# Merkle Trees

Bitcoin block headers contain a field called the `merkle root`

. The merkle root is a compact cryptographic representation of
the transactions contained in the block. To build the tree the transactions are first hashed, then the hashes are paired
together, concatenated, and hashed again. This process is repeated for each layer of the tree until you have a single "root"
hash at the top of the tree as shown below.

A unique feature of the merkle tree is that it allows us to build compact inclusion proofs. For example, if I want to prove that transaction 6 is in the block, I could do so by providing you with the full list of transactions in the block. That would work, you would see that, indeed, transaction 6 is in the block, but it's not very compact. Especially for larger blocks.

Using the merkle tree we can create a proof that is much more compact. In this case the proof would consist of:

- The hash of transaction 5
- H78
- H1234

From that information a verifier could compute `H56`

, `H5678`

, and the `root`

hash. Then compare the root hash to the hash in
the block header.

Illium also uses the exact same merkle tree to represent transactions in the block header, but in addition, at each block we also calculate a merkle root of the entire set of transaction output commitments found in the entire blockchain.

We call this the `Txoc Set Root`

(txoc stands for transaction output commitment).

Recomputing the entire merkle tree every new block would be extremely resource intensive. Even more so when one considers that the size of the txoc set is extremely large. Much larger than the number of transactions in a block.

For this reason we use a variant of the Bitcoin merkle tree that is optimized for appends. We call this tree the ```
Txoc
Set Accumulator
```

.

It works as follows. First, when we insert a new output commitment into the tree we prepend it with its index in the tree before hashing:

`hash := hash(index, outputCommitment)`

This ensures that each hash in the tree is unique, even if the output commitment is not.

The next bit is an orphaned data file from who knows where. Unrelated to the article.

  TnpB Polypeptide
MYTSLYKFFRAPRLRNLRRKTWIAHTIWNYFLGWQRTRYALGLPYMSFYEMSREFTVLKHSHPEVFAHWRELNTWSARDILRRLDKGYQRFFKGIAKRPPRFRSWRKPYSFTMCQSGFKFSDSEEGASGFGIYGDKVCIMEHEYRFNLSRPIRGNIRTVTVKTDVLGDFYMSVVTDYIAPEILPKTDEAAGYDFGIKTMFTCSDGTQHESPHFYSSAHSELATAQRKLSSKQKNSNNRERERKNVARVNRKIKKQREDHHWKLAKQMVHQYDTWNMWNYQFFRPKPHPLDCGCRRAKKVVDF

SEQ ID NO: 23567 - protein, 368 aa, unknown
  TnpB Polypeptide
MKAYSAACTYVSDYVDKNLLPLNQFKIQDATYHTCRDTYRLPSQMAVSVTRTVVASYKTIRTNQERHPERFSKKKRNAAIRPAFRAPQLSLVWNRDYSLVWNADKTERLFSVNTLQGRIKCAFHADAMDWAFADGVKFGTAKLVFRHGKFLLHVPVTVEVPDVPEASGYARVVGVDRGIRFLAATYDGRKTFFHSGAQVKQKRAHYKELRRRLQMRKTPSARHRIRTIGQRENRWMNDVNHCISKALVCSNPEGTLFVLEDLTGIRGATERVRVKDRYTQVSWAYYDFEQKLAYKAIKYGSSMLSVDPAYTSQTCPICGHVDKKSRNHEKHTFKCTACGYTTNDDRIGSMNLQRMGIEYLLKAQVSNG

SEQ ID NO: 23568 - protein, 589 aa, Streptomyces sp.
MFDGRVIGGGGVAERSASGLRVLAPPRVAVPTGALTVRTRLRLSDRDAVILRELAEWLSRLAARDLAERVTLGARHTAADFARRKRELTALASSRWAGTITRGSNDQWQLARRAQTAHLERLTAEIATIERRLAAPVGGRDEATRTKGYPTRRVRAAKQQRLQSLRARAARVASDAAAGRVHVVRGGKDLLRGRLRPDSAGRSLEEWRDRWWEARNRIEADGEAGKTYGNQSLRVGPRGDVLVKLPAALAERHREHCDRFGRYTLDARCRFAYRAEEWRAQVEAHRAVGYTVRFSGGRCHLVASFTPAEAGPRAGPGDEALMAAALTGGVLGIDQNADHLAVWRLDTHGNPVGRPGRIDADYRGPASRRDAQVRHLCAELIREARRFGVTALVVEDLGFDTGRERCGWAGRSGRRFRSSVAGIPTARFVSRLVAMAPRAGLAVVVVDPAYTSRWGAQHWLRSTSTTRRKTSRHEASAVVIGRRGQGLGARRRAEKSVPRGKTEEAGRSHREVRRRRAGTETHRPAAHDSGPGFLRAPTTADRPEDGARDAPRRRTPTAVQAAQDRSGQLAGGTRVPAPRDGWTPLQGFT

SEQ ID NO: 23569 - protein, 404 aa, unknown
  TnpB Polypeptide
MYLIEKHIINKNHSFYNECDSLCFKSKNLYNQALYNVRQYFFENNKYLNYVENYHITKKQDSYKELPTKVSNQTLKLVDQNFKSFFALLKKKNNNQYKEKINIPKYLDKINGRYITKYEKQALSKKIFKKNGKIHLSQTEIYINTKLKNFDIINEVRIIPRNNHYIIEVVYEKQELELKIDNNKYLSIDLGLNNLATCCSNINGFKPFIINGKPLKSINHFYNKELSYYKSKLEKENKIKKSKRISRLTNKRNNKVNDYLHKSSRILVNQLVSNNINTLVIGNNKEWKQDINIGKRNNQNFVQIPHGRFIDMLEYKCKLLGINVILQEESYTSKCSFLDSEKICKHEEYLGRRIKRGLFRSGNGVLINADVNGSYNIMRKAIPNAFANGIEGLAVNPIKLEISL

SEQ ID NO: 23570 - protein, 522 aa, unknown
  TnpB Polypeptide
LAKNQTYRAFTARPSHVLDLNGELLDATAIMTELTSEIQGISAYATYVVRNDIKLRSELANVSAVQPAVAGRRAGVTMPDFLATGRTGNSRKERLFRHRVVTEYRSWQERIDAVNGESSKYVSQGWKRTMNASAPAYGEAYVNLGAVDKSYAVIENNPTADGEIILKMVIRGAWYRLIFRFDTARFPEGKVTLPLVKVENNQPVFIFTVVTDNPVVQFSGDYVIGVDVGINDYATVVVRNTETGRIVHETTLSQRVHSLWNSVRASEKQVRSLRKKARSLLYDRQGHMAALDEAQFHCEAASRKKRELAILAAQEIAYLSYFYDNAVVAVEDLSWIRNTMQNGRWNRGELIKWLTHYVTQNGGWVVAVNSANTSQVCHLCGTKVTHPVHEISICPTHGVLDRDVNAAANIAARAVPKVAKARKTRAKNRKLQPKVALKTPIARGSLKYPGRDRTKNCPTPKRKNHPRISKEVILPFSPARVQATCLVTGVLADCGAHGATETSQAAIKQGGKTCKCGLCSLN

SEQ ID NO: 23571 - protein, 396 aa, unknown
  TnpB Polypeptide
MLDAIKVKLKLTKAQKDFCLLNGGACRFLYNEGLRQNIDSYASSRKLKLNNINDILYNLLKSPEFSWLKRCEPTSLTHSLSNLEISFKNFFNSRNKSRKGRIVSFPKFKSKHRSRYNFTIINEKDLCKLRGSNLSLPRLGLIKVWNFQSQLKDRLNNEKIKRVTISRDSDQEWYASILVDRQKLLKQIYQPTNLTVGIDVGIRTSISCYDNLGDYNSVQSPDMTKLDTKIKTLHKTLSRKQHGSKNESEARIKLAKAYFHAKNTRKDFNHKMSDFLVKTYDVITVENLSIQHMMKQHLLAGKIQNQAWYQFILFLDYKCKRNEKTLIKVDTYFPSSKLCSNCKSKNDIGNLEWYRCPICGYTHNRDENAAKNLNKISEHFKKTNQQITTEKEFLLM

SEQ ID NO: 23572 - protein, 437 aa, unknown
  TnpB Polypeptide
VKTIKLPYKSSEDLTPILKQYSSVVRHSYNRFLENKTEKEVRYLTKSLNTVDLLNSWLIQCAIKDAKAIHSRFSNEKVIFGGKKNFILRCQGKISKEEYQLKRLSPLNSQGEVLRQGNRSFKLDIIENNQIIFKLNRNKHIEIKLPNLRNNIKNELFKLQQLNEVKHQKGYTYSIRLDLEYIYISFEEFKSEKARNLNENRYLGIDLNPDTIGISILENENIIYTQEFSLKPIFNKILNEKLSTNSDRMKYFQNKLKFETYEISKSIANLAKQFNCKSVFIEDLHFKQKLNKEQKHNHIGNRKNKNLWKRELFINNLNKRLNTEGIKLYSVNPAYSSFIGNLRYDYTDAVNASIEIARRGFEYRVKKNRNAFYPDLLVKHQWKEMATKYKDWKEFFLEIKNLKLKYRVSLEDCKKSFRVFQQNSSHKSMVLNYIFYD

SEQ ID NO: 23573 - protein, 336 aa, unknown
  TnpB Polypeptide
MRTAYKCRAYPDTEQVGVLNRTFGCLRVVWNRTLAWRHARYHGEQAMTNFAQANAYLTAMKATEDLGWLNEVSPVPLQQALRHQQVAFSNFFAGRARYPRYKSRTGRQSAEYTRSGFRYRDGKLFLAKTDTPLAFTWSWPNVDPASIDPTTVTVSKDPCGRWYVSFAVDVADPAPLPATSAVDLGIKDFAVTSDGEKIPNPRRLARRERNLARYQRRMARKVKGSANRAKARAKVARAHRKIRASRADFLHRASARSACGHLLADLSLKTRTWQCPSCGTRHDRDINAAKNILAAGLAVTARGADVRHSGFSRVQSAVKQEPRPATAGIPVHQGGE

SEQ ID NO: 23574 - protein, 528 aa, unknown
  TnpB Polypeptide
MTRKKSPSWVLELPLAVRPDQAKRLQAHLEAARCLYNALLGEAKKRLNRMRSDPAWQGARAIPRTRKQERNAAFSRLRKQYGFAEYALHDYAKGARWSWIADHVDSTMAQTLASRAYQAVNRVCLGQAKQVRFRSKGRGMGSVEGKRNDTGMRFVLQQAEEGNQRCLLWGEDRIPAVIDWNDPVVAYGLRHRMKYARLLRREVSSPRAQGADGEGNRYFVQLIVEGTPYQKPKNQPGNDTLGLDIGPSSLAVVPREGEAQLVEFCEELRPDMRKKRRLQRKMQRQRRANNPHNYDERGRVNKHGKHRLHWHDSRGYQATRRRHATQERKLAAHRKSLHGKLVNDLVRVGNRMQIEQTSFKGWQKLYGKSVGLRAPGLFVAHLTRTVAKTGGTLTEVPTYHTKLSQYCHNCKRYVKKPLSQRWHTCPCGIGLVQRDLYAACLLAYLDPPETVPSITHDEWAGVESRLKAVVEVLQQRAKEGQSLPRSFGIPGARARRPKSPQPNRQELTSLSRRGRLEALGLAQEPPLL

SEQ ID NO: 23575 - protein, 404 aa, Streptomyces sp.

Now suppose we have four output commitments in the tree. It would look just like a normal merkle tree:

If we were to add a fifth output commitment we would simply leave that output loose and treat it as its own separate "peak".

Now we have a tree with two "peaks". We can compute the merkle root for the txoc set as the merkle root of the set of peaks. In this case:

`root := hash(peak1, peak2)`

If we add a sixth output commitment the second tree grows in size:

After a seventh output commitment we now have three peaks:

Again, we compute the txoc root by building a regular merkle tree out of the peaks:

`h1 := hash(peak1, peak2)`

h2 := hash(peak3, peak3) // As in bitcoin, an unpaired element gets hashed with itself.

root := hash(h1, h2)

After adding an eighth output commitment into the tree, all the peaks merge back into a single peak:

So what we end up with is the number of peaks in the accumulator expands as the number of output commitments grows, but then at some point it collapses back to a single peak. Each round of expansion the number of peaks grows by one. Overall the number of peaks grows logarithmically with the number of output commitments.

Additionally, full nodes only need to store the peaks on disk in order to update the accumulator and all the intermediate branches can be deleted. So this accumulator uses very little disk space and very little CPU to update with each new block.

Just like the original merkle tree, we can still build compact inclusion proofs which we will need later to prove that our transaction inputs are valid.